The John Rylands University Library holds around 700 books from the personal library of Norman Nicholson. The collection is particularly rich in twentieth-century poetry; it includes numerous first editions, many of which are signed by the author and annotated by Nicholson. Many of Nicholson's books contained loose inserts, ranging from publishers' catalogues and publicity leaflets, to cuttings, letters and other papers stored in the volumes by Nicholson himself. These papers were removed from the volumes after the book collection had been catalogued. They have not, however, been added to Nicholson's own archive (also held at the Library) because the archive is held on different terms from the book collection.
The most common insert encountered in the collection is the review slip: publishers' slips were placed in review copies of books which were sent to journals or magazines; books would then be forwarded to a potential reviewer, and the journal often inserted their own additional review slip addressed to Nicholson. Spanning a period from the early 1940s through to 1986, the year before his death, these slips can shed light on the extent of Nicholson's reviewing work, which formed an important element of his writing career from the outset. They also indicate which journals he contributed to regularly; particularly numerous here are review slips from the Church Times, for whom he was a long-standing poetry reviewer.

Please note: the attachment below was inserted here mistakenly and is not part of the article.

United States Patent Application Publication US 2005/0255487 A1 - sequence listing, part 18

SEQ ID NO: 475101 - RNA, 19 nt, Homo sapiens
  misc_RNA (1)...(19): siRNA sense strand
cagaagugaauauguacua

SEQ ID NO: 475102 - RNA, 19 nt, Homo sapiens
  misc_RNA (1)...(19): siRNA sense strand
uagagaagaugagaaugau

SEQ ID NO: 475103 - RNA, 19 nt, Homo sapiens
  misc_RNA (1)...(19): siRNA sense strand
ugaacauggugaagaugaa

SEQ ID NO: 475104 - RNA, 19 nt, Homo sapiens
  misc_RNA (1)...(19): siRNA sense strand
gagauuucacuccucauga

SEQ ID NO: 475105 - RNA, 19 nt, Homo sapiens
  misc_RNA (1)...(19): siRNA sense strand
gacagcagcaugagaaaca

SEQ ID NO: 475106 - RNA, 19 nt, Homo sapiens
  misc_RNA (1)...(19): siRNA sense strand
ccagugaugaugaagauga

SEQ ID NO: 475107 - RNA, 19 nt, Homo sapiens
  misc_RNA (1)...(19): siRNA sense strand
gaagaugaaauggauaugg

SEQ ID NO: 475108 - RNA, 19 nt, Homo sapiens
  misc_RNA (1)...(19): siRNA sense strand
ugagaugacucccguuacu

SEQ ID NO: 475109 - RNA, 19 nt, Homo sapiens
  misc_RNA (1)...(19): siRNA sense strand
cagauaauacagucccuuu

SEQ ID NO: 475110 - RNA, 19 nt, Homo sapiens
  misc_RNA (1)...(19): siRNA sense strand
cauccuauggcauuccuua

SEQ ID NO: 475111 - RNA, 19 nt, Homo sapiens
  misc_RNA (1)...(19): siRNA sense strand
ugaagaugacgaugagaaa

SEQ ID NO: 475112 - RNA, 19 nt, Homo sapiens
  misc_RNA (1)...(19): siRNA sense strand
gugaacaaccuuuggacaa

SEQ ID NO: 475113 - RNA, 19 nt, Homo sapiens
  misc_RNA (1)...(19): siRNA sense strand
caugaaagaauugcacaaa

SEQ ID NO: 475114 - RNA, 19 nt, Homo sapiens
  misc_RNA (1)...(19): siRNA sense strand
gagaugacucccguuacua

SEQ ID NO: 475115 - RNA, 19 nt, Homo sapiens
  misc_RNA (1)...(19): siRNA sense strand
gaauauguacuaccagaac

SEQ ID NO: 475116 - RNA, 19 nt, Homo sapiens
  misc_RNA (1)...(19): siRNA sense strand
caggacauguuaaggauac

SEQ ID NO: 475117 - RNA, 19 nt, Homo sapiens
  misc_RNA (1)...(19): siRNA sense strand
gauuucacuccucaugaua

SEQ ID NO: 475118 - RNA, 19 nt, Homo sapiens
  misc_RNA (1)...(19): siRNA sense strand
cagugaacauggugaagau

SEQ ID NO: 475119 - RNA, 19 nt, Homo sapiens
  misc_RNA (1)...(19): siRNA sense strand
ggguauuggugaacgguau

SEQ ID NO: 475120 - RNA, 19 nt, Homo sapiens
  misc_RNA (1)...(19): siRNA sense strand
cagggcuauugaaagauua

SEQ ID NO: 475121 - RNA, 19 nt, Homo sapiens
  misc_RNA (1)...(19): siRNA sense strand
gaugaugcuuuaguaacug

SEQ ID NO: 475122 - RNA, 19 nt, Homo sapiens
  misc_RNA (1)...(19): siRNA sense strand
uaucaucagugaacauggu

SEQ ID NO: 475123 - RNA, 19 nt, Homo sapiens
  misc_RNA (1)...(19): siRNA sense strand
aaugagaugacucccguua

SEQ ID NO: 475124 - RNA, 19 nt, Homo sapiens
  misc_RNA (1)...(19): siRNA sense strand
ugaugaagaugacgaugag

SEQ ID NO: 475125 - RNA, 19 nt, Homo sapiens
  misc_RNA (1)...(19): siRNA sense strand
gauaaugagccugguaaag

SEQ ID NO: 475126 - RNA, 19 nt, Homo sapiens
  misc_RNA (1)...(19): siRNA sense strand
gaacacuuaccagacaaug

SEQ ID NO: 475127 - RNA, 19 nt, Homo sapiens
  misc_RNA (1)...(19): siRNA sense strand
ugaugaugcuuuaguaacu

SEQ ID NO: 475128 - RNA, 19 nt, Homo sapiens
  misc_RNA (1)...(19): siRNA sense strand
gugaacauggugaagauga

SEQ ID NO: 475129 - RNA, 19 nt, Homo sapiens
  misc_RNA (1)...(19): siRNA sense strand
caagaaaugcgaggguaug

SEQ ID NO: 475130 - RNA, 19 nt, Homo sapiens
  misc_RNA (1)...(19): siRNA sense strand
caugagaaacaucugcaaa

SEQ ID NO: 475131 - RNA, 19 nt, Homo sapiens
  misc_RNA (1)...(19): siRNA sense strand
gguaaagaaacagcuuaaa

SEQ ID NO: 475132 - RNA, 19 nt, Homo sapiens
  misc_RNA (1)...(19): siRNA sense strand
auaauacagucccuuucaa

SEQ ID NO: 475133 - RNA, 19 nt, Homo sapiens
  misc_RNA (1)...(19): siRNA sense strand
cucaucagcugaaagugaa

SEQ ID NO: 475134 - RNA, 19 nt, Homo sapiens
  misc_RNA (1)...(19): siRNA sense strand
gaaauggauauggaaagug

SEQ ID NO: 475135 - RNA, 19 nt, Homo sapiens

The papers also include a large quantity of press cuttings, collected by Nicholson and inserted in appropriate volumes. There are numerous cuttings of book reviews (often unattributed) inserted inside the volume to which they relate. Many of the unattributed reviews are from unidentified publications, but the typeface suggests that a significant number of these are from the Times Literary Supplement, where Nicholson started his career as an anonymous reviewer in the 1930s. The main part of Nicholson's archive does not contain a large quantity of his own published reviews, so many of the reviews included here may in fact be by Nicholson himself. He also frequently collected reviews by other writers - either as background for his own reviewing or for general interest. Further cuttings found in his books include: reviews of other works by the same author; articles, interviews and obituaries relating to the author; articles relating to the subject of the book; and poems by the relevant author taken from newspapers and magazines. In some cases, there are a number of cuttings in the same volume which must have accumulated over a long period, suggesting that Nicholson used some of his books as files to store material of interest; for example, Hugh MacDiarmid's festschrift volume of 1962 (NBK/75) contains cuttings relating to MacDiarmid which span the period 1962-1984. In addition to review slips and cuttings, there are a small number of Nicholson's own rough notes and outlines of planned reviews, and in one case (at NBK/132) a galley proof of one of his reviews.